We have just published a nice study in which we developed and tested Emotion Rating Figurines (ERF) that allows you to assess emotional responses. The figurines are base on LEGO Minifigures. We developed a questionnaire sheet and also a physical model.Read More
The LEGO Galaxy Explorer is amongst one of the most popular sets of all times. In 1980 LEGO published the Idea Book 6000 that contained an alternative build for the Galaxy Explorer. The building instructions were sketchy at best. I built the Galaxy Explorer 6000 model for the Moonbase 42 at the Christchurch Brick Show 2015 and I also created an LDD file for it. The building instructions are available here. It has been great fun to re-create this spaceship from my childhood. I hope you enjoy it.
This LEGO great ball contraption consists of a module that sorts the balls by its color and a train module that returns the balls to the start. Both modules use Mindstorms EV3s to control the motors. The train EV3 controls and original LEGO RC Train motor using a DIY cable.
Today Prime News, a national New Zealand TV show, reported on our LEGO Fireman Robot. The New Zealand Herald also covered the story in more depth.
Harry Davis and me built a cable to connect a LEGO Power Functions (PF) motor to a Mindstorms EV3. The goal is to enable the EV3 to control PF motors. In particular I wanted to control a RC train motor through an EV3.
LEGO produced a cable (8528) to connect old motors (RCX) to the NXT, but it is no longer in production. You can still get them through Bricklink, but it will cost you dearly. You still need a PF extension cable to convert the old motor plug (RCX) to the current PF plug.
Firgelli produced a cable that allowed you to connect an modern PF to NXT directly, but it is also no longer in production.
There are two more solutions but both are more complex and costly. First, you can use the PF Mate from Mindsensors (currenlty $35). It sends IR signals to the IR PF receiver and thereby allows you to control motors even at a distance. The second option is the GlideWheel PF (currently $38) that directly connects a PF motor to the EV3. It also features a rotation sensor so that you can control the PF just like you would control a Mindstorms encoded motor. Both of these solutions offer a great functionality but they are also expensive, in particular since the components necessary for a custom made cable only costs a few cents.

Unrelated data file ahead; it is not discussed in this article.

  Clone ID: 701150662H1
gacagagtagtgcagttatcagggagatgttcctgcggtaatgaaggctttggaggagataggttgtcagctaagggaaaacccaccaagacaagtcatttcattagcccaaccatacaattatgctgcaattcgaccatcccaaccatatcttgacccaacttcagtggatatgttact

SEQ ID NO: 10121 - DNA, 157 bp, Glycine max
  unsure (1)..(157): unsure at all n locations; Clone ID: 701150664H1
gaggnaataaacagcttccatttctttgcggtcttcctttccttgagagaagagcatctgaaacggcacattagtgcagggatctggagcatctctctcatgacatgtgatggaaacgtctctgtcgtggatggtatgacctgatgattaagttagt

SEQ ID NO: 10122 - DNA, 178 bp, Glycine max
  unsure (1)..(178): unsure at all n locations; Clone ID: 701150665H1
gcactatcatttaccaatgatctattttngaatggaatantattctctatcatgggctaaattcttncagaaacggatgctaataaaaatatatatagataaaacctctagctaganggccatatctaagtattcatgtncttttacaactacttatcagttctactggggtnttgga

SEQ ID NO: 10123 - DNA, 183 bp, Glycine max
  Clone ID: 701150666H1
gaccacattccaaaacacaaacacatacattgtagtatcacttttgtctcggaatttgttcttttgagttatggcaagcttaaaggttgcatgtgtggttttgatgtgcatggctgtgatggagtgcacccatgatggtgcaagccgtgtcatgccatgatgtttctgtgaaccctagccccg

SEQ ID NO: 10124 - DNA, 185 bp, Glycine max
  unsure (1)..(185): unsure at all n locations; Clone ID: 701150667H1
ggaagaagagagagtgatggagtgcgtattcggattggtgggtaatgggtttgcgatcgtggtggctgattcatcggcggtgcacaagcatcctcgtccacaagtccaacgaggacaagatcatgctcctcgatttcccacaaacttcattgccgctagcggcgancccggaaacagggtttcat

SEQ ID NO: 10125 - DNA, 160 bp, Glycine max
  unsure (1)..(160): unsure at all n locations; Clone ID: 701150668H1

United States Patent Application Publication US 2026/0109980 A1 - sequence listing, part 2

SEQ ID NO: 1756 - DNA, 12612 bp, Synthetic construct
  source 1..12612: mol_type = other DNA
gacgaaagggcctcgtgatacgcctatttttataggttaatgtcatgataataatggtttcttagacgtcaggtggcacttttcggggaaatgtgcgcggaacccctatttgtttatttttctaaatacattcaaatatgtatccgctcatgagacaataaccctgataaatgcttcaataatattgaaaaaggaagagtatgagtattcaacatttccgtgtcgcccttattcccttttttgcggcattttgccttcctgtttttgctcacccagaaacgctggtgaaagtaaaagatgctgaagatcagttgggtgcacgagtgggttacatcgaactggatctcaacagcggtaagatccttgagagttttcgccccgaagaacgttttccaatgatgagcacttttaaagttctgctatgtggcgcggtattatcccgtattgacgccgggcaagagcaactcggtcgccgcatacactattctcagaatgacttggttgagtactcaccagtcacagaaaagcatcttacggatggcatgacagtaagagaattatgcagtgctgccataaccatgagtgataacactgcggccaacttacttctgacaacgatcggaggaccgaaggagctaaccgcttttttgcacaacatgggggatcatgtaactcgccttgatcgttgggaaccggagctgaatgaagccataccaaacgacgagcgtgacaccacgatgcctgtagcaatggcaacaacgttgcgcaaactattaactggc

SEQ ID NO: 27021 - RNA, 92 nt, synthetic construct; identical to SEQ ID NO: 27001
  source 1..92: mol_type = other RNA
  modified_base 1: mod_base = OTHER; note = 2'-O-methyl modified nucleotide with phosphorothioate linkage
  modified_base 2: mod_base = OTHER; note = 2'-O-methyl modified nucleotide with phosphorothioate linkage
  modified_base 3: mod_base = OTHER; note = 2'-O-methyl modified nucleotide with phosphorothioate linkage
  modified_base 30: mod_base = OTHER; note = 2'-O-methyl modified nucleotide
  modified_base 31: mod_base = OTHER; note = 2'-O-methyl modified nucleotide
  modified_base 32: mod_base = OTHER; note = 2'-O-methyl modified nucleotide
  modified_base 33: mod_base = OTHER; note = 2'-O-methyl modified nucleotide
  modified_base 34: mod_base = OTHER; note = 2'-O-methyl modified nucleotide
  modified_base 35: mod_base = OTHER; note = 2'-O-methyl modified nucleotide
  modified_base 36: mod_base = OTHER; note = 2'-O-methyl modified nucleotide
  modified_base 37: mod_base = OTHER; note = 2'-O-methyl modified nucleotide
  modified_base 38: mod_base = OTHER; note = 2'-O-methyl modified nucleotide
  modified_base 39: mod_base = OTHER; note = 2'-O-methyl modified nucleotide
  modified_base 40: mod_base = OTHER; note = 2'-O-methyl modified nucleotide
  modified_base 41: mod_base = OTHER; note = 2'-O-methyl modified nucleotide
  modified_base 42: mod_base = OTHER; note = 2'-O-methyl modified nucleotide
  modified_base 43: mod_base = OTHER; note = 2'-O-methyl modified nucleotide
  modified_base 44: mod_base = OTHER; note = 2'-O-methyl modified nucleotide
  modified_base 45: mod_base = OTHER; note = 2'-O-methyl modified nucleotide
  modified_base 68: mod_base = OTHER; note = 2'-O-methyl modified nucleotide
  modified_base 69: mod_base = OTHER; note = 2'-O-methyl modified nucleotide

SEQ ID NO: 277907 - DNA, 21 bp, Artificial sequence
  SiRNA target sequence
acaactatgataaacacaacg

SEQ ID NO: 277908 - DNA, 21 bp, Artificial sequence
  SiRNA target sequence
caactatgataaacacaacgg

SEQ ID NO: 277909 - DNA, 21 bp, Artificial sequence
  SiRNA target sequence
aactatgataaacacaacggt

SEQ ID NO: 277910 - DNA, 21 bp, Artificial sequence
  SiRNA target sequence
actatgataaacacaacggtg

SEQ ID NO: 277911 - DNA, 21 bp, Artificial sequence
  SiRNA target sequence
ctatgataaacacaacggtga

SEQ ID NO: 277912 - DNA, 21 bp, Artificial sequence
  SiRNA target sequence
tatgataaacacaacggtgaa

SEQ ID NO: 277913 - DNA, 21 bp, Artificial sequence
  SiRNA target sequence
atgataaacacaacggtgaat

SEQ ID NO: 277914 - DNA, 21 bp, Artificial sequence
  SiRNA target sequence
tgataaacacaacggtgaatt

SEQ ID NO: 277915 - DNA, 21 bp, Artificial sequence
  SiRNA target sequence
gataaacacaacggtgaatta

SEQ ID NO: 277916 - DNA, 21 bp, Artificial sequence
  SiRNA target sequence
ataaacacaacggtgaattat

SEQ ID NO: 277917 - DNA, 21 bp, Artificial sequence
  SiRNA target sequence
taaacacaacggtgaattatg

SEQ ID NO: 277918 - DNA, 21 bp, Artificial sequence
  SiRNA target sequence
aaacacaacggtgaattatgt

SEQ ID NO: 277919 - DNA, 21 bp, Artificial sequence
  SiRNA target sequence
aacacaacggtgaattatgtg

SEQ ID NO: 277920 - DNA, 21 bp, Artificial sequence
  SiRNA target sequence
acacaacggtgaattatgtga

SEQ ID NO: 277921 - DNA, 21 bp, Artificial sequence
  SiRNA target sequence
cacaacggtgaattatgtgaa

At Amazon you can get a book Make: Lego and Arduino Projects: Projects for extending MINDSTORMS NXT with open-source electronics that will show you how to do such projects, but for now it is time to pull up our sleeves and do it ourselves. TechnicRobot already showed that it can be done but detailed instructions were not yet available. We also built a casing for our cable so that it can be easily integrated into your model. Here is the final result:
And here is a video that shows our solution at work:Read More
Dexter Industries offers the DLight for LEGO Mindstorms. It allows you to control four full color LEDs through a sensor port of your EV3 or NXT. The first thing to do is to set the toggle switches on each LED to a unique address, so that you can control each LED individually. In the NXT-G environment you can still decide to control all of them at the same time if desired. The biggest nuisance is that only the first LED can use its red component. The other three cannot show any red light. Dexter acknowledges this bug in its forum and offers refunds. It is ridiculous that Dexter does not warn its customers on its product page, in particular since they do not intend to fix this problem.Read More